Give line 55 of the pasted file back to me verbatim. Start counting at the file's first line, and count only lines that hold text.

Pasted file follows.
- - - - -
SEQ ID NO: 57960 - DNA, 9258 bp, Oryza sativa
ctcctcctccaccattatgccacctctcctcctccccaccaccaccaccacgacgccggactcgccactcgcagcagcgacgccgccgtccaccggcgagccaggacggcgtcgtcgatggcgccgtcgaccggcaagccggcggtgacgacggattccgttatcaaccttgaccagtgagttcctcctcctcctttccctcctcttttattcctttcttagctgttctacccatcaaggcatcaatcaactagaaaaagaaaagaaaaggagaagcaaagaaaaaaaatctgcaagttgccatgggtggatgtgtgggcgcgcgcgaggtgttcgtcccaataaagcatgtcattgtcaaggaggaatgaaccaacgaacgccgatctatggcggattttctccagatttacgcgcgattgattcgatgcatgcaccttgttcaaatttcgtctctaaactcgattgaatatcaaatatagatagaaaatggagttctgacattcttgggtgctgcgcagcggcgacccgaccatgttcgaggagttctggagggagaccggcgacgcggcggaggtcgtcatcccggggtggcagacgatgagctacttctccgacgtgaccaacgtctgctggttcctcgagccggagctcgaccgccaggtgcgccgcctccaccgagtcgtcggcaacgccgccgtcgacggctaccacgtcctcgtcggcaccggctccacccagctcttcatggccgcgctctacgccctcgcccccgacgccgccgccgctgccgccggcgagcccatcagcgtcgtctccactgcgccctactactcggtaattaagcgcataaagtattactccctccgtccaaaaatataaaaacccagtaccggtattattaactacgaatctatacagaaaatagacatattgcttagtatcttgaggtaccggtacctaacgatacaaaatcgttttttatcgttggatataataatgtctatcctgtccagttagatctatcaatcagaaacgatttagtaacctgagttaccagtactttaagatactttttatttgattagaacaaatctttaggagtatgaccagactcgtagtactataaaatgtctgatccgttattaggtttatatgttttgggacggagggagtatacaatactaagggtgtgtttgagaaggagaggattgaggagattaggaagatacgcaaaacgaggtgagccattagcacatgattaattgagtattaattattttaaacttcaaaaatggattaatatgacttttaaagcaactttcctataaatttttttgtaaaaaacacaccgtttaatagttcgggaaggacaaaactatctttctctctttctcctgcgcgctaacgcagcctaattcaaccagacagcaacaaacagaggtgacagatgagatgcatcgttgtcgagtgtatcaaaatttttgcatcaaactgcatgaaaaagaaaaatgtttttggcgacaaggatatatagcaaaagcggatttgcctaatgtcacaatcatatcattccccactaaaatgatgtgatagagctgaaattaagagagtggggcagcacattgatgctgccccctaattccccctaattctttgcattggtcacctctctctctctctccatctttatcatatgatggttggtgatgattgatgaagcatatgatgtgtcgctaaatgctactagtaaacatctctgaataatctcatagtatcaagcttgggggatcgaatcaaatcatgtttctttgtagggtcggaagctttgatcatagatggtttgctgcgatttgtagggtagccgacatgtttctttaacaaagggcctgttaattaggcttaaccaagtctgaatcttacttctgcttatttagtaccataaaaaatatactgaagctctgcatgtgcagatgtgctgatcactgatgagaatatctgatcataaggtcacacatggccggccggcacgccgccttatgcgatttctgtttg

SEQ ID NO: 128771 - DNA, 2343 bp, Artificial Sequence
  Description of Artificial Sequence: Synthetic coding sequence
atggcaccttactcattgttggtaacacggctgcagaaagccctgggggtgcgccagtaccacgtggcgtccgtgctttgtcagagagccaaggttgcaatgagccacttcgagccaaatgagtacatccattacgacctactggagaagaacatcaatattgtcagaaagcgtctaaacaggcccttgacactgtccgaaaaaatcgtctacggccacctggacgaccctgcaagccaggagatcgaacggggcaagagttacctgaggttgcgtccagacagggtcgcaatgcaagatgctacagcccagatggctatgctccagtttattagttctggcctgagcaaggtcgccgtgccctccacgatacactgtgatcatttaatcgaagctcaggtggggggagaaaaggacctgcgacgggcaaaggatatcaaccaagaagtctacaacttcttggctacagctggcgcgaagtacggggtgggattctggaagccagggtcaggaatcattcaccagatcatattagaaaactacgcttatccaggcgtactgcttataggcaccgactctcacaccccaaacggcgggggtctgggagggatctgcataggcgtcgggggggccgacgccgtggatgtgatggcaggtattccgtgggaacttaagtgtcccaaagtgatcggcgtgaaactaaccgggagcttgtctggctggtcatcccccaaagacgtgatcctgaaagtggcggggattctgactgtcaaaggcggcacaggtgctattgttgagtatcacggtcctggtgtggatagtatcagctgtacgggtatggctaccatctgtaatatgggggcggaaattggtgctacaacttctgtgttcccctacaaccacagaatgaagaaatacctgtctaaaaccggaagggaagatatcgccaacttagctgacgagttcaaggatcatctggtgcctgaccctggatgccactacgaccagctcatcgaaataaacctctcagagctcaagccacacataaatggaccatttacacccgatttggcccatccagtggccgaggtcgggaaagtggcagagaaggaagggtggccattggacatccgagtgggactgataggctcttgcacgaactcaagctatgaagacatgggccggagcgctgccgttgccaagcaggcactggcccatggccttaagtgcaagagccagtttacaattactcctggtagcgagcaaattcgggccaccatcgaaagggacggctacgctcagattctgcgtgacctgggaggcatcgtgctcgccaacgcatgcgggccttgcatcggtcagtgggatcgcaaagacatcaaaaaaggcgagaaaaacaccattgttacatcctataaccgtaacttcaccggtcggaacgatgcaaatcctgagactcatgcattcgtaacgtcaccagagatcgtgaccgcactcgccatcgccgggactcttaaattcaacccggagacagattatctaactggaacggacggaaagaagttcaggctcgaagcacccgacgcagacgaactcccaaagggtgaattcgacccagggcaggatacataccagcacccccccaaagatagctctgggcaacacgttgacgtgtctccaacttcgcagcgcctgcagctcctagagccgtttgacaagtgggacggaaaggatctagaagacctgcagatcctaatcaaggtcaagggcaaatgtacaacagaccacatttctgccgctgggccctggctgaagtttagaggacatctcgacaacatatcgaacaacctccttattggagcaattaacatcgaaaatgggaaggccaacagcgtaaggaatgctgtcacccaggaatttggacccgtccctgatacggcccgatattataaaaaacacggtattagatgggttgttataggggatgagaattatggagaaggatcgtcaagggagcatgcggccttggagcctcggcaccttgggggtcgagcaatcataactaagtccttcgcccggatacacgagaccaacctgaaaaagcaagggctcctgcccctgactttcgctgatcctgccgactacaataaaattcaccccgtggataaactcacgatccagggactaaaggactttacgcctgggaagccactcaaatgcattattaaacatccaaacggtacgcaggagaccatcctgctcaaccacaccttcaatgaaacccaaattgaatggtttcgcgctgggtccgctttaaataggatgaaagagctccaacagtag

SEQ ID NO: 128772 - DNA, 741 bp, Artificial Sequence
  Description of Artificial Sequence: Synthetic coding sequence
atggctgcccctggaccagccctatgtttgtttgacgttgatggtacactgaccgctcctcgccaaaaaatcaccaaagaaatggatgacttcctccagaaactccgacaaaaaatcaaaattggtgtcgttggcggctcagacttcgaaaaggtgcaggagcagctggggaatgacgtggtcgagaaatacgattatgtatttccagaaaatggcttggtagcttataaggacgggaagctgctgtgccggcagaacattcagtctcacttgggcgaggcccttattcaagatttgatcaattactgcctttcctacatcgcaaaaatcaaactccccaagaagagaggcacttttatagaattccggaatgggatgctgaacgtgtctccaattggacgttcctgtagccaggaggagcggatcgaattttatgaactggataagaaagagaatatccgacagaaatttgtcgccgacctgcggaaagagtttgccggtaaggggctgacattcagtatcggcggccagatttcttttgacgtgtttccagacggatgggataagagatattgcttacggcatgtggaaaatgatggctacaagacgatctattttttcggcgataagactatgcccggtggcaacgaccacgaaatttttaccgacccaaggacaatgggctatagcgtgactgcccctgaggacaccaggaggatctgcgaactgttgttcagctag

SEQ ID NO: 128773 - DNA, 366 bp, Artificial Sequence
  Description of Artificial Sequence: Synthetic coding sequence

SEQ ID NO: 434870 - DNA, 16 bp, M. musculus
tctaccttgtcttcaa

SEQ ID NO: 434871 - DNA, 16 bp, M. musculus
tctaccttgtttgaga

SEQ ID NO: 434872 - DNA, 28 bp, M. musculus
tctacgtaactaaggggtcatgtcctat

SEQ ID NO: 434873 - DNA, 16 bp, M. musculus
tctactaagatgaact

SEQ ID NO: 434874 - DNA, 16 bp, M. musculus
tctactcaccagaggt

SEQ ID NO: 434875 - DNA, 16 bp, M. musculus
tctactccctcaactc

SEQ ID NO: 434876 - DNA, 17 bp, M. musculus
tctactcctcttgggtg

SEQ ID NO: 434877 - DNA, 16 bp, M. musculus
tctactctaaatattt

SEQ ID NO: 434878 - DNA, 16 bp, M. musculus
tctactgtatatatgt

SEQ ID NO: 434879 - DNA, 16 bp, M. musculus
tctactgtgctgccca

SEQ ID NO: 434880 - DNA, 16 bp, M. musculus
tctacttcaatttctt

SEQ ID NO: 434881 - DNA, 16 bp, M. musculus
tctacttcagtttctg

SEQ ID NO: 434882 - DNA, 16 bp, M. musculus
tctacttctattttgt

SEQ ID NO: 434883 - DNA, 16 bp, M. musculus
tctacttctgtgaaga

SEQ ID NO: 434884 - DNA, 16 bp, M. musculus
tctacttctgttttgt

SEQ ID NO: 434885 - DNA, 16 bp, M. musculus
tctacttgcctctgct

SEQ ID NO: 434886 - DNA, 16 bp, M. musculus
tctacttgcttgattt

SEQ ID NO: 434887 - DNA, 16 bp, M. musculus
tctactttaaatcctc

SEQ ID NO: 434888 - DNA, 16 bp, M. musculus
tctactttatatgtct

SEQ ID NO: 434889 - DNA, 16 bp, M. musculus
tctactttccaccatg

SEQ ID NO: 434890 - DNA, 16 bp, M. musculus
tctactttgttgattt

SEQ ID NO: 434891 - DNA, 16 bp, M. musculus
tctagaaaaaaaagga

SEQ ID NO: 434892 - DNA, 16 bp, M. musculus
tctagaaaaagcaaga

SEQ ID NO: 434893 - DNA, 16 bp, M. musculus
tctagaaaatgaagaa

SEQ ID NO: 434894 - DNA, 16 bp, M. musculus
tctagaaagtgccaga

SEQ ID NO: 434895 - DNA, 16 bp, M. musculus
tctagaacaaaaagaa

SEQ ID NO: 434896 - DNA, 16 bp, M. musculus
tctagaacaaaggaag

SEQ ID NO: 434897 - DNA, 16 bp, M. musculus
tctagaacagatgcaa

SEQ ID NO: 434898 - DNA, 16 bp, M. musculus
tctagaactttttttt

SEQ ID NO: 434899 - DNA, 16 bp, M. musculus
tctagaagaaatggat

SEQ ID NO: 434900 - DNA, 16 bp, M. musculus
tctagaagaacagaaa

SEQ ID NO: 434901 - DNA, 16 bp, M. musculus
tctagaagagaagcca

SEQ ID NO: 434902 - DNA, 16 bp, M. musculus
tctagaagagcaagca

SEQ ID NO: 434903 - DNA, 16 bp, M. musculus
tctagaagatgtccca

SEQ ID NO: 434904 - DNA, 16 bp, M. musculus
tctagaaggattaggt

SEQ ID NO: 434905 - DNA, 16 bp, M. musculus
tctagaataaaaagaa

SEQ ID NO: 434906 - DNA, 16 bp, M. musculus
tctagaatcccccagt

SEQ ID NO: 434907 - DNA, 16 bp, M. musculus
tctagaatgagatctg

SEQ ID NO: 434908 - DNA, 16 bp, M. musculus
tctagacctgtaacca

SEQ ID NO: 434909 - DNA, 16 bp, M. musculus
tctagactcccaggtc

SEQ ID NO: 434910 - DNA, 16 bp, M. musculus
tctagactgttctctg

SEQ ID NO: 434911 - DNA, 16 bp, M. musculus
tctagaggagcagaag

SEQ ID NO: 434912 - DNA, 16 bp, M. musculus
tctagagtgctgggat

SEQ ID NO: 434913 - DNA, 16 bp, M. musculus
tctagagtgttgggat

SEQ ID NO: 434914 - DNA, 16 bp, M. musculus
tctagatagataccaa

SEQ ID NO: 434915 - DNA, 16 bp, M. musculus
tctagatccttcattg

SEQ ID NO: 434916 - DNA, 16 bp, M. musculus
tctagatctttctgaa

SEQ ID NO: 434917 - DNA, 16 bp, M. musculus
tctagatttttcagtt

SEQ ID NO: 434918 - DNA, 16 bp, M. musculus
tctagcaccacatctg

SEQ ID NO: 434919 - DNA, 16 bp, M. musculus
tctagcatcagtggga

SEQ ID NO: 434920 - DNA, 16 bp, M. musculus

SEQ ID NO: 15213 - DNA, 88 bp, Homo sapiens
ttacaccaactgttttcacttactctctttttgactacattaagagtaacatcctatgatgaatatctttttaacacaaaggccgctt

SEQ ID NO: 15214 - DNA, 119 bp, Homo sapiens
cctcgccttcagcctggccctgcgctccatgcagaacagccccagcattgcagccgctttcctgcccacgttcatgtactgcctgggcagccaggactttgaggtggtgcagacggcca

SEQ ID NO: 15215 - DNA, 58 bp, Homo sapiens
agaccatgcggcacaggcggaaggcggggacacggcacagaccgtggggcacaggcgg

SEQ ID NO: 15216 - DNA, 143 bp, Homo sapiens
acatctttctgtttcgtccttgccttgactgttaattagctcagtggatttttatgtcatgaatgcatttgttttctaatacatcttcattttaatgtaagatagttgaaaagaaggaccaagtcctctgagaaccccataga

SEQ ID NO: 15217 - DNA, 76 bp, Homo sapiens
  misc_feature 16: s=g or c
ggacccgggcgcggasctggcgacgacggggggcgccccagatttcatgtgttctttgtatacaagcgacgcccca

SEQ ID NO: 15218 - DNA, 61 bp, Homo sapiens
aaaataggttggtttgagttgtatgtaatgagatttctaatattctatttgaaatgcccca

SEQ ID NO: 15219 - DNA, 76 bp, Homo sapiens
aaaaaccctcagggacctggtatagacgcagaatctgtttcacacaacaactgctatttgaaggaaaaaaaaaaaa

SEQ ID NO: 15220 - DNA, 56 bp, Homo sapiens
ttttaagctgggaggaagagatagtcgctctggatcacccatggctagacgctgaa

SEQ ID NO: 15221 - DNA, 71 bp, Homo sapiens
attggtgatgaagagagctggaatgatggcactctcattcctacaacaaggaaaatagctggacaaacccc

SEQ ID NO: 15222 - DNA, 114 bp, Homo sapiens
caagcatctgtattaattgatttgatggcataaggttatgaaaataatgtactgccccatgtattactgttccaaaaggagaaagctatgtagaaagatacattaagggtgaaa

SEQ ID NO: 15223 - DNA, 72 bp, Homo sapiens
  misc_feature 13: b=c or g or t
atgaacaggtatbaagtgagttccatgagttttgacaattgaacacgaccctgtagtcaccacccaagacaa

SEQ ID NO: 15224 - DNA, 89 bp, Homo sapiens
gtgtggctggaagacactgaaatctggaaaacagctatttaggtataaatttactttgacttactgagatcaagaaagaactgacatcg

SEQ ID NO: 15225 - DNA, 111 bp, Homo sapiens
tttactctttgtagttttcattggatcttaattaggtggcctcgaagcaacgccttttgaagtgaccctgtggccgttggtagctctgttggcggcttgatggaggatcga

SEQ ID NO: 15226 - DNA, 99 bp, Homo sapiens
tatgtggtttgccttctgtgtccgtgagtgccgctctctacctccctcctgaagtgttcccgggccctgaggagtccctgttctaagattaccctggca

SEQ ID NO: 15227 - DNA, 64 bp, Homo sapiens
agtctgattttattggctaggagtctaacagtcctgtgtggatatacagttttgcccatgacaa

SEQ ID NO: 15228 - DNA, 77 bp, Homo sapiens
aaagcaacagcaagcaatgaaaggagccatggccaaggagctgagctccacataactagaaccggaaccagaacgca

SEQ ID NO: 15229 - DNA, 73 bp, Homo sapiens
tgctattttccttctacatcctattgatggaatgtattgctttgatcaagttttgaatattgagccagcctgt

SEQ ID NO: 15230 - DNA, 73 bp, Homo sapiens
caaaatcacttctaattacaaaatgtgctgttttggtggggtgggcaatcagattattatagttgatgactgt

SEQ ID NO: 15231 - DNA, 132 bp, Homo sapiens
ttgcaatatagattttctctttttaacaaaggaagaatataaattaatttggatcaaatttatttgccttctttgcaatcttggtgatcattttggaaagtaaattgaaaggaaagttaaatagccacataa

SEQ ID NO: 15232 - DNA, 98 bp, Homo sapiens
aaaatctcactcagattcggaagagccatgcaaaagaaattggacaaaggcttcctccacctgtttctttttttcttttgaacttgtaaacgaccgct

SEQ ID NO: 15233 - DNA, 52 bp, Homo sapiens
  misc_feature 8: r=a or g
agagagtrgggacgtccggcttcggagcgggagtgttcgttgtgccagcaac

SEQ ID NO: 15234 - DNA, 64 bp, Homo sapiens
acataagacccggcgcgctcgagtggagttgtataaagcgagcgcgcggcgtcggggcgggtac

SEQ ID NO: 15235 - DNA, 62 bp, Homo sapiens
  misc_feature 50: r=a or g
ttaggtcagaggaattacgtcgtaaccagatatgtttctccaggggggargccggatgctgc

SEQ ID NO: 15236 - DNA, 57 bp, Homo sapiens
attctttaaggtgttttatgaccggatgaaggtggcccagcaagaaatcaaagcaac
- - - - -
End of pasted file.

SEQ ID NO: 434892 - DNA, 16 bp, M. musculus